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Will NCAA Concussion Lawsuits Be Consolidated?

Ten ex-football players' concussion-related lawsuits are pending against the National Collegiate Athletic Association (NCAA). But the cases may soon be consolidated to streamline the settlement process. A two-year-old concussion lawsuit against the NCAA is in settlement talks -- now nine other lawsuits may enter the mix.

But what does it mean to consolidate cases?

Trash talk is being taken out of New Jersey high school sports, pursuant to a new state policy that bans taunting in an attempt to curb bullying.

The New Jersey State Interscholastic Athletic Association (NJSIAA), along with the New Jersey Attorney General's Office, announced the new policy last week. It prohibits high-school athletes from harassing others on the field or court, and takes effect this fall, reports the Associated Press.

Will this ban be the end of trash talking in New Jersey?

A Utah father and soccer referee died Saturday, one week after being punched in the face by a teenage soccer player.

Ricardo Portillo, 46, slipped into a coma following severe internal head injuries from the teen's assault April 27. It all happened because Portillo had given the player a yellow card, reports CNN.

Although Portillo's family has begun to grieve, they also want justice.

Hope Solo Allegedly Assaulted; Jerramy Stevens Not Charged

Former NFL tight end Jerramy Stevens was arrested, then released without charges, after allegedly striking Team USA soccer goalie Hope Solo on the eve of their wedding.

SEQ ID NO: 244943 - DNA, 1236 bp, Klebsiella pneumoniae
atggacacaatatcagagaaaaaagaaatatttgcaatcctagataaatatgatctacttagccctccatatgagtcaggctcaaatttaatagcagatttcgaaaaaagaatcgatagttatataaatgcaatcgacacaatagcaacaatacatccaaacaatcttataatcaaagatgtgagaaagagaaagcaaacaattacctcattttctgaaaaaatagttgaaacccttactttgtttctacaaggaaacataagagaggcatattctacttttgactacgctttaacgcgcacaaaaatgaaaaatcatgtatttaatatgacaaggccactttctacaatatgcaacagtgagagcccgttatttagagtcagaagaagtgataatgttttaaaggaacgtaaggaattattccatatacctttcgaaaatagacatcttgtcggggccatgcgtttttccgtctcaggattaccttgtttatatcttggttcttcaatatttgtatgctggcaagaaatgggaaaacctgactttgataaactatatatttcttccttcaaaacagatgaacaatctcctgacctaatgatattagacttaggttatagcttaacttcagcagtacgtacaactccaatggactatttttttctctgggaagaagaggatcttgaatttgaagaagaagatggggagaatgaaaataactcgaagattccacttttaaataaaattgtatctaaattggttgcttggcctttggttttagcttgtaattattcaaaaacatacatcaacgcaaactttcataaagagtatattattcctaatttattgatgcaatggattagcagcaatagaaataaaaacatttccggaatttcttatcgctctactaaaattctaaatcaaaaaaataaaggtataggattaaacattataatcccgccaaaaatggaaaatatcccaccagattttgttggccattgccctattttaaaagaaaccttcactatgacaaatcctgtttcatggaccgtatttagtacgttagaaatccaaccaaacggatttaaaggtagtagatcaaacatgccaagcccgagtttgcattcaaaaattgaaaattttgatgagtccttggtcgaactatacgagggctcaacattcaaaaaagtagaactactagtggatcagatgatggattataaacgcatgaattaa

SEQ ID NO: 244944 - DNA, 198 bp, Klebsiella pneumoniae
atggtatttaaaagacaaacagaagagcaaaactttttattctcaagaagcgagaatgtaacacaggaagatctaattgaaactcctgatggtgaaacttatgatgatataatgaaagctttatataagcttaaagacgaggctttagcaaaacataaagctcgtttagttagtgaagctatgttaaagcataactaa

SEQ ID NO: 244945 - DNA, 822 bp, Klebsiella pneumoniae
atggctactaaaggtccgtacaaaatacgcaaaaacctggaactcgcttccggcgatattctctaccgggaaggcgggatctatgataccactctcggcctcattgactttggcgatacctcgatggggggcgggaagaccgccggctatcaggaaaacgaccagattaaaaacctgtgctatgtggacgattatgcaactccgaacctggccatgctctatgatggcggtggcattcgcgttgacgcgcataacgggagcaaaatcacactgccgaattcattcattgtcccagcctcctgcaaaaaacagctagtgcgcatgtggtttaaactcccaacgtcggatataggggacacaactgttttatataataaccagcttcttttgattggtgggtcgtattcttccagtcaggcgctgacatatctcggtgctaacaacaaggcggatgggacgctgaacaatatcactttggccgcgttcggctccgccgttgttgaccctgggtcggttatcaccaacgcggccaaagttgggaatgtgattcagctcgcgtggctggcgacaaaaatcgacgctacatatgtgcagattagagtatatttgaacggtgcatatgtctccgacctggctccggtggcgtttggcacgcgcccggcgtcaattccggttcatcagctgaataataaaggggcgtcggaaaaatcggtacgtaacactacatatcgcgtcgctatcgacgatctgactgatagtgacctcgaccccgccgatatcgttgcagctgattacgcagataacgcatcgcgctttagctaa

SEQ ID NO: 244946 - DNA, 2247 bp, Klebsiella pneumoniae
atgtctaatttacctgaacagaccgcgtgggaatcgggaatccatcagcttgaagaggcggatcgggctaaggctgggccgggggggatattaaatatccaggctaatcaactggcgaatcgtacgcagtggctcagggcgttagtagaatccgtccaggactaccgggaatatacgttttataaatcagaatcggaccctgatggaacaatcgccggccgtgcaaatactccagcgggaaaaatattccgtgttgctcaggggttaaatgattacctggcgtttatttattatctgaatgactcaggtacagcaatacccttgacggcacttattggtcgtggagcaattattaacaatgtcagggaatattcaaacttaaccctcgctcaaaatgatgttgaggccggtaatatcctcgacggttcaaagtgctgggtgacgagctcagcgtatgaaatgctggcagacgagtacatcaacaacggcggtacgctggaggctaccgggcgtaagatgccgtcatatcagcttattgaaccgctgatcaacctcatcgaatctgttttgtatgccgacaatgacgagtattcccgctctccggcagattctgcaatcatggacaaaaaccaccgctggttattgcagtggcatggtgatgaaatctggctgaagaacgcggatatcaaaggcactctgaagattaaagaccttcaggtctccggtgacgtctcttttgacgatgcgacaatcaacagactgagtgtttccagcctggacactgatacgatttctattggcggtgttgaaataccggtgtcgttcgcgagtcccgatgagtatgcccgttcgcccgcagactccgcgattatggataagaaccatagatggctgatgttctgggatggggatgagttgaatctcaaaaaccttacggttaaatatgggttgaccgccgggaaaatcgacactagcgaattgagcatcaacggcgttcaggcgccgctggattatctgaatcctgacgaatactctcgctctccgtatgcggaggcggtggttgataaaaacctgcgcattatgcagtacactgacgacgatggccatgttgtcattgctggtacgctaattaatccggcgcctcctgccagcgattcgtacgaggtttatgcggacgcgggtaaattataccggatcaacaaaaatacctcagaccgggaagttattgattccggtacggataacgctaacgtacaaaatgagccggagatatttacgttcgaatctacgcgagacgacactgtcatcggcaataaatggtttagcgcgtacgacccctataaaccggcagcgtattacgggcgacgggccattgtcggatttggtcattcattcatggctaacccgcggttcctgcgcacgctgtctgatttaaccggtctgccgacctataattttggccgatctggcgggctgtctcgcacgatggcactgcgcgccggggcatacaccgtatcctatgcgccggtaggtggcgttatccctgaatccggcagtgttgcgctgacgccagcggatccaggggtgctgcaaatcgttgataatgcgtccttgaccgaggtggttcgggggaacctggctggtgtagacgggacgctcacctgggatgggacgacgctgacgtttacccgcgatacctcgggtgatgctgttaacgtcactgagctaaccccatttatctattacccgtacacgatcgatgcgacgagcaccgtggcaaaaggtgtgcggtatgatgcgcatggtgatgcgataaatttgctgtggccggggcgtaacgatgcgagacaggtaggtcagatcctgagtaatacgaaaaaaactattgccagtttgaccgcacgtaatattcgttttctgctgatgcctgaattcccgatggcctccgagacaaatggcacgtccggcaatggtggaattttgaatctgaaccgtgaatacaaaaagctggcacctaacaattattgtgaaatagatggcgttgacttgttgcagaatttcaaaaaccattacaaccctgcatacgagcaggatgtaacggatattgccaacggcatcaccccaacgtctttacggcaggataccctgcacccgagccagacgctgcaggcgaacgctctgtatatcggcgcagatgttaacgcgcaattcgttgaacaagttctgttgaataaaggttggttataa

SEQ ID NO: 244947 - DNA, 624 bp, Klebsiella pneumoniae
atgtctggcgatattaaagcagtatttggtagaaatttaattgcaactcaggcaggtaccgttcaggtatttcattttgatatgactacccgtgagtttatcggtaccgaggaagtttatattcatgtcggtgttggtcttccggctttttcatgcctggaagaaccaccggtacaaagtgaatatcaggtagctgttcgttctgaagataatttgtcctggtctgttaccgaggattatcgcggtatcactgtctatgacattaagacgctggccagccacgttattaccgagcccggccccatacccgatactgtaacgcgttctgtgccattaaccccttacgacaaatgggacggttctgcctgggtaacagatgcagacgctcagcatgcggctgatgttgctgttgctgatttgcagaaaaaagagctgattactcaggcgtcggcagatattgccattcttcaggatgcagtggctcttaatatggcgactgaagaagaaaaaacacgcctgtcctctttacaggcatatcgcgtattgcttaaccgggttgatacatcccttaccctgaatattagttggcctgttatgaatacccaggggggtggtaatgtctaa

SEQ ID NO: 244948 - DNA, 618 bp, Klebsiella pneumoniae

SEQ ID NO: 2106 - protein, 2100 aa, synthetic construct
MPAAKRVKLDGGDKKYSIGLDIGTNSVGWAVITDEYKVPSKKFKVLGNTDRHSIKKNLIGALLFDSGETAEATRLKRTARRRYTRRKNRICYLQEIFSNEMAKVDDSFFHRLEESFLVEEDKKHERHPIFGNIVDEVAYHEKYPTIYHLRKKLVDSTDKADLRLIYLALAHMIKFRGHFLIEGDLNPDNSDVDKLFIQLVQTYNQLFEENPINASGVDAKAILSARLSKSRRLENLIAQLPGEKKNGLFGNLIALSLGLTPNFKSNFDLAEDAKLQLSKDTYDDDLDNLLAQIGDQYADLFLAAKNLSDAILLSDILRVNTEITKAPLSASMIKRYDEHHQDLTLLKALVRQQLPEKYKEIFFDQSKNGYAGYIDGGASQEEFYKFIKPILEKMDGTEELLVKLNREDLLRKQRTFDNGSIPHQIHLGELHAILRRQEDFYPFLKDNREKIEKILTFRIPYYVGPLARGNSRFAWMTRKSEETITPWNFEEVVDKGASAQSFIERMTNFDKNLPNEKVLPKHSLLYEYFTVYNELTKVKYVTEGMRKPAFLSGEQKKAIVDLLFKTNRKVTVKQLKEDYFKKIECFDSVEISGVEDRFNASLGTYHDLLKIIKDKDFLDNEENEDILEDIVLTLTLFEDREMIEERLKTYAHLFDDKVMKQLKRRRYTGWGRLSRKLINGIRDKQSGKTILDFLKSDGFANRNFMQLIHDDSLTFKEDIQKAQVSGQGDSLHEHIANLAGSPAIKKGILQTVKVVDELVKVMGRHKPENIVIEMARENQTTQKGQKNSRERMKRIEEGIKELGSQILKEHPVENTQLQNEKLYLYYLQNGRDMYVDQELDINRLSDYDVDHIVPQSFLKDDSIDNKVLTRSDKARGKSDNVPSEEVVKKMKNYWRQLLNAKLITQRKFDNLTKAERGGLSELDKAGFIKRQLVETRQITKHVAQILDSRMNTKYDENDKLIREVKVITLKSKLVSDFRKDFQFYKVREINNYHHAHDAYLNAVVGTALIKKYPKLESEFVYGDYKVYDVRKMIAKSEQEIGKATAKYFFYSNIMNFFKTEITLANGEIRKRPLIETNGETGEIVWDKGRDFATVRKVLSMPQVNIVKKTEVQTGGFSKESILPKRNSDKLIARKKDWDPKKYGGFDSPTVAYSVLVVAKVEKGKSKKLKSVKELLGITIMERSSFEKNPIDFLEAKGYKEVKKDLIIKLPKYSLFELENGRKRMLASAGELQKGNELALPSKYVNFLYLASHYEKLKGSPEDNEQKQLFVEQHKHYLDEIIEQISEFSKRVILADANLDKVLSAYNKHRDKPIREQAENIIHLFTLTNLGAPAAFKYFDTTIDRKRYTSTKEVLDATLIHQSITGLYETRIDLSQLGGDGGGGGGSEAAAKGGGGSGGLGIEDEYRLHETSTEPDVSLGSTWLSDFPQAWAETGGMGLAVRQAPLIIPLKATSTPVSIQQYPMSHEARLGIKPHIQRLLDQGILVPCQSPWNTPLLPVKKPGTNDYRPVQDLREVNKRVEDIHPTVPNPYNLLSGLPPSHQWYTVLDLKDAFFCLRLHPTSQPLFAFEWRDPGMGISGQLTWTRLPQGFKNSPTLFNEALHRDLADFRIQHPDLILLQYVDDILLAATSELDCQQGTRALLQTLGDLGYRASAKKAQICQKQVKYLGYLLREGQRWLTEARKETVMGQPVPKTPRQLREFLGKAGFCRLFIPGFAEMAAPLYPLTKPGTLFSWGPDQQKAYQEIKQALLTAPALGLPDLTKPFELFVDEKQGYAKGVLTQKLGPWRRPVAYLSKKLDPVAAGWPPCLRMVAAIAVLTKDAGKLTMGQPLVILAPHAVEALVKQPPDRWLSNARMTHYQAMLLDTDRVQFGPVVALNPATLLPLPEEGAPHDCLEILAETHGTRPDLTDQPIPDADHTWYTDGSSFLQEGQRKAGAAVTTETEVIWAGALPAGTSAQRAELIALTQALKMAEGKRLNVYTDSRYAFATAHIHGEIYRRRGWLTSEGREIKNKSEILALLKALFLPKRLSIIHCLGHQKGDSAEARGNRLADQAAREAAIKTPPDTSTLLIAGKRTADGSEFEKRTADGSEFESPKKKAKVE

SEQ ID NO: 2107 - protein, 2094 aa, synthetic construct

The two had been dating for only two months, and were set to wed Tuesday. But instead of a wedding, Solo had to appear in court as her groom-to-be faced domestic assault charges, reports USA Today.

Stevens and Solo reportedly started to argue over where they wanted to live -- Florida or Washington.

Soccer Player Kicks Owl: Video Shows Injured Bird

Before the Daily Mail posted the suddenly famous owl kick video, they added “Warning: Contains animal cruelty.” It sort of reminded me of a warning from a package of cigarettes. “Warning: Cigarettes cause cancer.” For some reason, that struck me. The other thing of course that was striking was the video itself, of Pereira player Luis Moreno kicking an owl nearly ten feet across the field during a match in Colombia.

The owl was a good luck charm for the fans of Pereira’s opponents, the home team, Junior Barranquilla. The owl came onto the field and was hit with the ball. That’s when Moreno ran over and kicked the owl off the field. The crowd started screaming at Moreno and chanting: “murderer, murderer, murderer.”

UWGB Soccer Players Accused of Rape, Suspended

University of Wisconsin-Green Bay soccer team may be in a whole lotta trouble these days, and I am talking way more than a red card. The Chicago Tribune reports that two UWGB soccer players have been accused of rape and suspended from the team.

Although few details are known at this time, The Tribune fills in some specifics of the incident: an alleged victim contacted police and said she had been assaulted by two players at an on-campus apartment ... she told investigators she couldn't remember all the details because she was apparently drugged. She says she wound up back at her home about 12 hours later and went to the hospital. The victim also claims she only had one drink the night of the incident.